Federal District Court Allows Discovery in Class Action Concerning Internet Company’s Collection of Biometric Data
In a Memorandum Opinion and Order handed down on February 27, a District Court in the Northern District of Illinois declined to dismiss a putative class action alleging that a cloud-based photographic storage service offered by an Internet company (the Company) violated the Illinois Biometric Information Privacy Act (BIPA) by automatically uploading plaintiffs’ mobile photos and allegedly scanning them to create unique face templates (or “faceprints”) for subsequent photo-tagging without consent. Specifically, the Court rejected the Company’s argument that application of BIPA to facial geometry scanning by by an internet service located outside of Illinois is an improper extraterritorial application of Illinois law.
The Plaintiffs alleged that the Company failed to both (i) obtain the necessary authorization or consent to the creation and subsequent storing of “faceprints” by the photo storage service, or (ii) make publicly available a data retention and destruction schedule as required under the BIPA. In responding to these claims, the Company argued that the term “biometric identifier,” as defined in the BIPA, does not extend to “in-person scans of facial geometry” and does not cover photographs or information derived from photographs. The Company also sought to dismiss the case on jurisdictional grounds, arguing that under principles of federalism, pre-emption, and the extra-jurisdictional application of state law, the BIPA cannot properly regulate activity – such as the storage of data on the Company’s servers – that does not occur “primarily and substantially” within the state of Illinois.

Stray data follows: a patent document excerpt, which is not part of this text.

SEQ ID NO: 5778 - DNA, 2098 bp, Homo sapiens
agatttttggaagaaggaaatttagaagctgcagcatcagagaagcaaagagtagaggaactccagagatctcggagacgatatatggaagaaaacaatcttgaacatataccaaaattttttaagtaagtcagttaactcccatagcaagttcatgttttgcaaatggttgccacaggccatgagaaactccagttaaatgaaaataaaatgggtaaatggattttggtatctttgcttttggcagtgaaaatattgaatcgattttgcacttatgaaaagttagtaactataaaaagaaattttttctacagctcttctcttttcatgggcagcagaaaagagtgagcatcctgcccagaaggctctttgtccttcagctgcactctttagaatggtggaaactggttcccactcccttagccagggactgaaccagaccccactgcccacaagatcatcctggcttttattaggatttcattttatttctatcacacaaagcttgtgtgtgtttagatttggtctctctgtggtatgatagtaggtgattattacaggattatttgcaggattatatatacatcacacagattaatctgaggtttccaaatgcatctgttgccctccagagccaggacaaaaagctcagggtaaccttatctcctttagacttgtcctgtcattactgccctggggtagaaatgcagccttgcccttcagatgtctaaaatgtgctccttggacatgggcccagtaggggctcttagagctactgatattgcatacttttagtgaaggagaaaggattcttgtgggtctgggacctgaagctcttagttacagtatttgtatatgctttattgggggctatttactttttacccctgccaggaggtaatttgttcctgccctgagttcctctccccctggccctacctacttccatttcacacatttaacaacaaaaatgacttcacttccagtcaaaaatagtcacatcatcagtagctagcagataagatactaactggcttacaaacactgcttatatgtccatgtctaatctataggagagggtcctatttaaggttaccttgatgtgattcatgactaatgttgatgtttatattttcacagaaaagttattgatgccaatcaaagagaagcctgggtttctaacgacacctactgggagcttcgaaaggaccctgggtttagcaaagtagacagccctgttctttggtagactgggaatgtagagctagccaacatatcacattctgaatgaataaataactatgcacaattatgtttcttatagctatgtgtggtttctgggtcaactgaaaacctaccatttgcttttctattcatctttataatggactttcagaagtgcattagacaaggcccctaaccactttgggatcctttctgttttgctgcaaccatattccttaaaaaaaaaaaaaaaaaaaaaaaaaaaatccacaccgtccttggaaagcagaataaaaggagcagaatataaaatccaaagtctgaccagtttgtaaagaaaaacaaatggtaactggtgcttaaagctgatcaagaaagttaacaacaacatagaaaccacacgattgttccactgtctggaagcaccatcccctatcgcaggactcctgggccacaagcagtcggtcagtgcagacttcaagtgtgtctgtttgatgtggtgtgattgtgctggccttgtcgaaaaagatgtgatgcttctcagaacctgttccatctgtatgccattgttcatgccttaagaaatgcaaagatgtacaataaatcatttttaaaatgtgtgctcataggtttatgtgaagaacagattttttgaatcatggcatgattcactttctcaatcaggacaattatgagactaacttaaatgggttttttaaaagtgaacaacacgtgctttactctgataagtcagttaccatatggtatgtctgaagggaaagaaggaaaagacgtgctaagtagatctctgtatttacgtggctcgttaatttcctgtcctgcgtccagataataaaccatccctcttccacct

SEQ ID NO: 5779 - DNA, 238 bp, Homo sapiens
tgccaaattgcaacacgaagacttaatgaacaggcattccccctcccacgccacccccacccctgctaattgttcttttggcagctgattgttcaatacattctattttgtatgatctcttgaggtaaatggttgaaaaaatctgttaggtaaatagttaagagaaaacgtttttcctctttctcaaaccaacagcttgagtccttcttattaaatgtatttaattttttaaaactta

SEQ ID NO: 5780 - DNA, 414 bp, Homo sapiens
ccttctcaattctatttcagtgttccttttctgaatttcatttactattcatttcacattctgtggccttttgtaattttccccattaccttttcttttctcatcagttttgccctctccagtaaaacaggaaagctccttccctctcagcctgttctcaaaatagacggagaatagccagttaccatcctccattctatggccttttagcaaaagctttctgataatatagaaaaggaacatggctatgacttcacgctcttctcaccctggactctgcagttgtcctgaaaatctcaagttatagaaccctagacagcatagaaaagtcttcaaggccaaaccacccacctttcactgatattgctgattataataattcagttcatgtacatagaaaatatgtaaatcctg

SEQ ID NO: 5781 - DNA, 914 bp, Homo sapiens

In analyzing the Company’s argument, the Court looked to the following two definitions set forth in the Illinois law:
- “Biometric identifier,” which is defined as “a retina or iris scan, fingerprint, voiceprint, or scan of hand or face geometry” and explicitly “do[es] not include writing samples, written signatures, photographs. . . .”; and
- “Biometric information,” which is defined as “any information, regardless of how it is captured, converted, stored, or shared, based on an individual’s biometric identifier used to identify an individual,” and explicitly “does not include information derived from items or procedures excluded under the definition of biometric identifiers.”
Ultimately, the Court disagreed with the Company’s reading of “biometric data” because, among other reasons, “nothing in the text of [the BIPA] directly supports this interpretation.” The Court deferred deciding on the Company’s arguments that the claims would require extraterritorial application of the statute and/or would violate the Dormant Commerce Clause by reaching beyond state boundaries, because, among other reasons, “[d]iscovery is needed to determine whether there are legitimate extraterritoriality concerns.”
On March 9, the Company filed a motion seeking permission to file an interlocutory appeal to the Seventh Circuit, with a request for a stay of further proceedings pending the appellate court’s decision on the request for an appeal.